It has been more than 2 years since the COVID-19 pandemic swept across the globe and, predictably, it has had its ebbs and flows. Less predictable are the mental health consequences that the pandemic will leave behind, even when the world has truly achieved endemicity. 

Scientists, psychiatrists, and sociologists agree the pandemic has resulted in unprecedented levels of mental health disorders. The pandemic was truly a once-in-a-century event, upending life as we know it and throwing economic markets into turmoil. For probably the first time in human history, millions of people had their movement restricted and monitored. In high-density cities, this often entailed quarantining in a tiny home for weeks on end. 

Clinicians are also wringing their hands over the long-term implications of what has been coined “long COVID.” This refers to pathological signs and symptoms that continue even after an individual tests negative for COVID-19.

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The fact is we still know precious little about COVID-19. This means the medical community is right to be worried about both its psychiatric implications and consequences to long-term health. 

An Influence on Attacks in HAE 

In Allergy, Karabacak and colleagues conducted a study on the impact of anxiety, stress, and depression on the course of hereditary angioedema (HAE) with C1-inhibitor deficiency. This condition is characterized by potentially life-threatening episodes of swelling in parts of the body such as the face, larynx, abdomen, extremities, and genitalia. These edema attacks often occur spontaneously, although potential triggers have been identified, such as stress, depression, infection, and mechanical trauma.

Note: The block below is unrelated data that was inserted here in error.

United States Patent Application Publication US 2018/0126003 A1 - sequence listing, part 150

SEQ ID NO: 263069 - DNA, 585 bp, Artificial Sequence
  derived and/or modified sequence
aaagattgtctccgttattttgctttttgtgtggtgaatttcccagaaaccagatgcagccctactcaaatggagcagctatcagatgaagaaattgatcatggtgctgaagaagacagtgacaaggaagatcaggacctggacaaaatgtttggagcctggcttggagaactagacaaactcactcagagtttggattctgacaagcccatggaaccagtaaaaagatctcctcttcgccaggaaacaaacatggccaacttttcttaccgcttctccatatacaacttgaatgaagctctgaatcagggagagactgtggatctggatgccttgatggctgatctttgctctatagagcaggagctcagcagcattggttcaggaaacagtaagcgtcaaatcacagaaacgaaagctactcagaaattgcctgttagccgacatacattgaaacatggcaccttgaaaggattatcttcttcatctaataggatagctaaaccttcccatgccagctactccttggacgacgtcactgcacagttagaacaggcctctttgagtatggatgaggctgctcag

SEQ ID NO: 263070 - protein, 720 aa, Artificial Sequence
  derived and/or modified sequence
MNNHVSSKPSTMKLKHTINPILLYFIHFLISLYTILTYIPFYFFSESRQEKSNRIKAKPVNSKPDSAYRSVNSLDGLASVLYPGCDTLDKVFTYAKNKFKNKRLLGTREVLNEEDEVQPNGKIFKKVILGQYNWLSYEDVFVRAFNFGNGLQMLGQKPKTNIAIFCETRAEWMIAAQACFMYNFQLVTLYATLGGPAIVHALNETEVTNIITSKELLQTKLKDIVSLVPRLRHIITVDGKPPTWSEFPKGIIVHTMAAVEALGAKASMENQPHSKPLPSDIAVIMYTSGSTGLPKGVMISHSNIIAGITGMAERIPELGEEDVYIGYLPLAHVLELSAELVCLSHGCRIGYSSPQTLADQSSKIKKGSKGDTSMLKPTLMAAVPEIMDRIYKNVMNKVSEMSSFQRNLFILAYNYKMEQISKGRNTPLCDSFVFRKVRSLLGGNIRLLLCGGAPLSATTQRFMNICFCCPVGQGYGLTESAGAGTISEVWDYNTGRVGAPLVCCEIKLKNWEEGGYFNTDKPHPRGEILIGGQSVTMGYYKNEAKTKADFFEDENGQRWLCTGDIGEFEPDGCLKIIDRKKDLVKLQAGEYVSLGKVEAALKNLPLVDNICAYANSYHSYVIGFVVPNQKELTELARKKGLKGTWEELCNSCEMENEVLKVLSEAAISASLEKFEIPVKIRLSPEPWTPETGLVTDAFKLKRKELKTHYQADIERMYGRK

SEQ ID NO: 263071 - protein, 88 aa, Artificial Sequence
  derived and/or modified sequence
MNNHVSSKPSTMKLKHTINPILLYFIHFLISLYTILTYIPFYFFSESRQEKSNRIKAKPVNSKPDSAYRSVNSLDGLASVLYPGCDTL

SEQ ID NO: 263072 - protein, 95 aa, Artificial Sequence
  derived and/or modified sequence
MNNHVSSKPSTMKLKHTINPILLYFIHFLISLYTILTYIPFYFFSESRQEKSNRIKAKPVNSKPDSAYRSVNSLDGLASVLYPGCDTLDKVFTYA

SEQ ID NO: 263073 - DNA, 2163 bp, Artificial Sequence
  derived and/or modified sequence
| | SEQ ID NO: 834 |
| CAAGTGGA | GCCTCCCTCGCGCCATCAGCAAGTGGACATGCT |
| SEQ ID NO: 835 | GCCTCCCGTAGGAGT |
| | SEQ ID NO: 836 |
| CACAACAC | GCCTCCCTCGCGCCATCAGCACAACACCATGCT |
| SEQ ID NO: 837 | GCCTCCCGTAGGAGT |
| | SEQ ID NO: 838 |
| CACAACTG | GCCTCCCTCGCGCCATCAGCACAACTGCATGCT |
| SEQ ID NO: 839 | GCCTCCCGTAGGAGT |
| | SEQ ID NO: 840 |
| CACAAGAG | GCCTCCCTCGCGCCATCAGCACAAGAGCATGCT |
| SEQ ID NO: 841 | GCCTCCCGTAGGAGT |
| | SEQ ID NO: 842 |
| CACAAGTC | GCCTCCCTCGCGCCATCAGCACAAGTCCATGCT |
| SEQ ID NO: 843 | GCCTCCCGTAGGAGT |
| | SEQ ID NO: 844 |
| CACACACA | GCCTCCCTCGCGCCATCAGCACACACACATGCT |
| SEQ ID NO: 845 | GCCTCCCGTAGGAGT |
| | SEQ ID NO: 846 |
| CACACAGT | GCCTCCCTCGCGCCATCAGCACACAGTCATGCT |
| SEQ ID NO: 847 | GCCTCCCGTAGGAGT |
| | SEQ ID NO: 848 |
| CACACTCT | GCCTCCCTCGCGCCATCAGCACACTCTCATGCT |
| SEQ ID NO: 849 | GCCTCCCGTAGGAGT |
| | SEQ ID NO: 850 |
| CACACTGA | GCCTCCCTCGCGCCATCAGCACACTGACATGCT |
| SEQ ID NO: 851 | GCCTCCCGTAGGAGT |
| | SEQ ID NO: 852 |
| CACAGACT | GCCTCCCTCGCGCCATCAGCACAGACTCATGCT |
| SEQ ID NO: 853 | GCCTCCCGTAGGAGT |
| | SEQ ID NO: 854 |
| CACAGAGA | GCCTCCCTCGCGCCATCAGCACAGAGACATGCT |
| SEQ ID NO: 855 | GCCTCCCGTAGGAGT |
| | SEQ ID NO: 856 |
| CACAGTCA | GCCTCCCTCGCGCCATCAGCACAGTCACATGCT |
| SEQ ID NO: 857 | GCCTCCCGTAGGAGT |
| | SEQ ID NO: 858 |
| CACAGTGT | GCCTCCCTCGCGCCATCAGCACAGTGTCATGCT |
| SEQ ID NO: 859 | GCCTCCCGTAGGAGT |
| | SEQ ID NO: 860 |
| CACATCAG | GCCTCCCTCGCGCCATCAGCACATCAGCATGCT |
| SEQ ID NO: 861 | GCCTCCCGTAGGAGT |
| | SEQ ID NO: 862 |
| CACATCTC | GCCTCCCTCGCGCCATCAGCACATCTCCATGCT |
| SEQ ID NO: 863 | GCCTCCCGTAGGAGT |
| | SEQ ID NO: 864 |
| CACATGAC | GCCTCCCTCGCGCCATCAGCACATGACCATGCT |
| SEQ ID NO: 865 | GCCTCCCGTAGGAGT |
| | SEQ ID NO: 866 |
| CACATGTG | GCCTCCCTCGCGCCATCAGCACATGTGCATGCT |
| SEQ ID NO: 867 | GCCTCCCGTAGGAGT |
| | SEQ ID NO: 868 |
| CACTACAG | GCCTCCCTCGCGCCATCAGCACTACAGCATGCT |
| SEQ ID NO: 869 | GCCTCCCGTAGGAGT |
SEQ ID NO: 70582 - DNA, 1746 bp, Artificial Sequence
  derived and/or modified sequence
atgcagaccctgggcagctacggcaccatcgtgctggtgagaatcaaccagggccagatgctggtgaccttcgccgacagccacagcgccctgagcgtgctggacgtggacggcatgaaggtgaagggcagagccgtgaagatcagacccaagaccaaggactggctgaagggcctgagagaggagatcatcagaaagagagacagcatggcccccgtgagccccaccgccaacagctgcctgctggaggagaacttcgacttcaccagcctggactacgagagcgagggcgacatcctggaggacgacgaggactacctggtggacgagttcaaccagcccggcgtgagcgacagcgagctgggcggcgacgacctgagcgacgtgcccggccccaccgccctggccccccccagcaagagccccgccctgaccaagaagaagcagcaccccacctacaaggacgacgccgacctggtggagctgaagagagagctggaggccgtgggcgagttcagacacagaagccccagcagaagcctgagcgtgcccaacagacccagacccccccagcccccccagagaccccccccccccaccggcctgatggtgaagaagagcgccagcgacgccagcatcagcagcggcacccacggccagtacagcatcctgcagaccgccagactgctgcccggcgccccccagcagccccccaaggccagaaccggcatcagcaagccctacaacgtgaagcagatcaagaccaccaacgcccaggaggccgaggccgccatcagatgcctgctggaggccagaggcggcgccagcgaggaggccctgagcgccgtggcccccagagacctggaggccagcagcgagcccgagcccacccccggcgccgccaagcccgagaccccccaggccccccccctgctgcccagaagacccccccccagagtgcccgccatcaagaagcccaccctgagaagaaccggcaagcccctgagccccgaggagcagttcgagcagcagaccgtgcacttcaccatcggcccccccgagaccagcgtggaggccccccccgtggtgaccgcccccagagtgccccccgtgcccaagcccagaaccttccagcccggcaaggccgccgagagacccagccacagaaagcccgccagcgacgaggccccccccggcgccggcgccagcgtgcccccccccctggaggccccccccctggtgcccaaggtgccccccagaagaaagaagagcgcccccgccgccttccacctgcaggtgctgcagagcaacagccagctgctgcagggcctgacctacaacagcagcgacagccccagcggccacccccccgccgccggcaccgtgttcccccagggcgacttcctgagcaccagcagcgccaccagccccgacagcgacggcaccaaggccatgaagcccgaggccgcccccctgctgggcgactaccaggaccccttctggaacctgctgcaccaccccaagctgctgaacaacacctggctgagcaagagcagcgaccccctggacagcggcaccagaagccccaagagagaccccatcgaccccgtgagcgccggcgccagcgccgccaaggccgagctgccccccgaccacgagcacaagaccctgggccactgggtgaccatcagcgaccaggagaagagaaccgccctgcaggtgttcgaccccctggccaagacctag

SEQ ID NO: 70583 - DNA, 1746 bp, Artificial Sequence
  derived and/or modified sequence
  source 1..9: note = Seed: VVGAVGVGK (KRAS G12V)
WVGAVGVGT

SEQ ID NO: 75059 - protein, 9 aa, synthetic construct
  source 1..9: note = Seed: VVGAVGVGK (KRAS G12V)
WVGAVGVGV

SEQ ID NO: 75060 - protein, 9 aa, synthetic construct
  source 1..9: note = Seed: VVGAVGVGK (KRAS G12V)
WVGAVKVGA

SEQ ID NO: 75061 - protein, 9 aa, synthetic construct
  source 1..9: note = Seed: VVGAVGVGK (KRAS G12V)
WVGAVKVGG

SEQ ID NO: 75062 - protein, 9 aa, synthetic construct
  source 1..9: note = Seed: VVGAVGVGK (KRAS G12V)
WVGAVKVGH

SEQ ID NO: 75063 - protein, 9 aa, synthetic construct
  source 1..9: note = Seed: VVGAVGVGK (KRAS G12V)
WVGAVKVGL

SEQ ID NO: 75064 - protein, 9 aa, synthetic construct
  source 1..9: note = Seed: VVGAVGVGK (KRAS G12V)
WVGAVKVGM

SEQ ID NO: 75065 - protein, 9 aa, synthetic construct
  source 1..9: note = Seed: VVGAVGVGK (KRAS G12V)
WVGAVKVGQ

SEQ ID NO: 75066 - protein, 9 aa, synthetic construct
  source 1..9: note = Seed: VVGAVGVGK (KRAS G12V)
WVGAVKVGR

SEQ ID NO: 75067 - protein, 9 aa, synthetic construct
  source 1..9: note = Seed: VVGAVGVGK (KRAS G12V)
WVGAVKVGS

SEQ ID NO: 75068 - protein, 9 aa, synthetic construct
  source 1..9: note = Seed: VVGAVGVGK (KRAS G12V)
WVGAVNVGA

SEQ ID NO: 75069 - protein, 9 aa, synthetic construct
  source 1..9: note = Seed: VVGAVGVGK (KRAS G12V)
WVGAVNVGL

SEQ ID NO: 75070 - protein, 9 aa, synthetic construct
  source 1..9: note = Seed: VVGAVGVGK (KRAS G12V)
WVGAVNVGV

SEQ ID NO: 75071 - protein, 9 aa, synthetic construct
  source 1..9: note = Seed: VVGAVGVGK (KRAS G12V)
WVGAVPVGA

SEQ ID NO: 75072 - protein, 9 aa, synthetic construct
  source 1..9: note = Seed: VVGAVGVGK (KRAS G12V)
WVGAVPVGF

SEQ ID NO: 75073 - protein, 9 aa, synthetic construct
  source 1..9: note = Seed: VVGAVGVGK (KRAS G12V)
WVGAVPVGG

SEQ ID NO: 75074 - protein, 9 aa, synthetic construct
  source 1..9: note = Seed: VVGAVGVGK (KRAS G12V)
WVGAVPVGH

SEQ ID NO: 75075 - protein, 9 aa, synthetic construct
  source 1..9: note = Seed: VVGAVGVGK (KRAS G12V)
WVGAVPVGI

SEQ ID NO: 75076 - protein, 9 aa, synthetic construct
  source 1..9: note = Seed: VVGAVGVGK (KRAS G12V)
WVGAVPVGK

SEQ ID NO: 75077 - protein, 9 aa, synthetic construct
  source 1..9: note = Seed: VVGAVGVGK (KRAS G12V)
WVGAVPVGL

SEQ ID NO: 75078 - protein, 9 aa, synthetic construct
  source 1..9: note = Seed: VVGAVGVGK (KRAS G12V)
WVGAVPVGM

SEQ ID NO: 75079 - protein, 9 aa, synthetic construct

Read more about hereditary angioedema etiology 

Note that disturbances to one’s mental health can be a trigger for an angioedema attack. In fact, “stress and anxiety are the most frequent emotional factors influencing patients’ attacks,” Karabacak and colleagues wrote. 

These scientists proposed that the emotional disturbances resulting from COVID-19 infection affect the disease course of hereditary angioedema; conversely, having hereditary angioedema predisposes a person to developing more severe forms of mental distress as a result of COVID-19 lockdowns. 

Karabacak and colleagues investigated this by sending questionnaires to patients (N=139) on their experiences and opinions on COVID-19. The patients were asked to fill in a 4-point Likert scale questionnaire consisting of 21 items on feelings of depression, anxiety, and stress. Their medical information was also collected with consent.

The results demonstrated that the majority of patients experienced anxiety regarding the possibility of having an edema attack during the pandemic and what that would mean for their long-term health. In addition, a majority of patients were afraid of hospital admissions due to fears of catching the virus. 

In addition, the research team discovered that the median number of hereditary angioedema attacks were higher during “quarantine periods” compared to “return to normal periods” and “before pandemic periods.” However, the severity of attacks during “quarantine periods” were similar to those occurring during “return to normal periods.”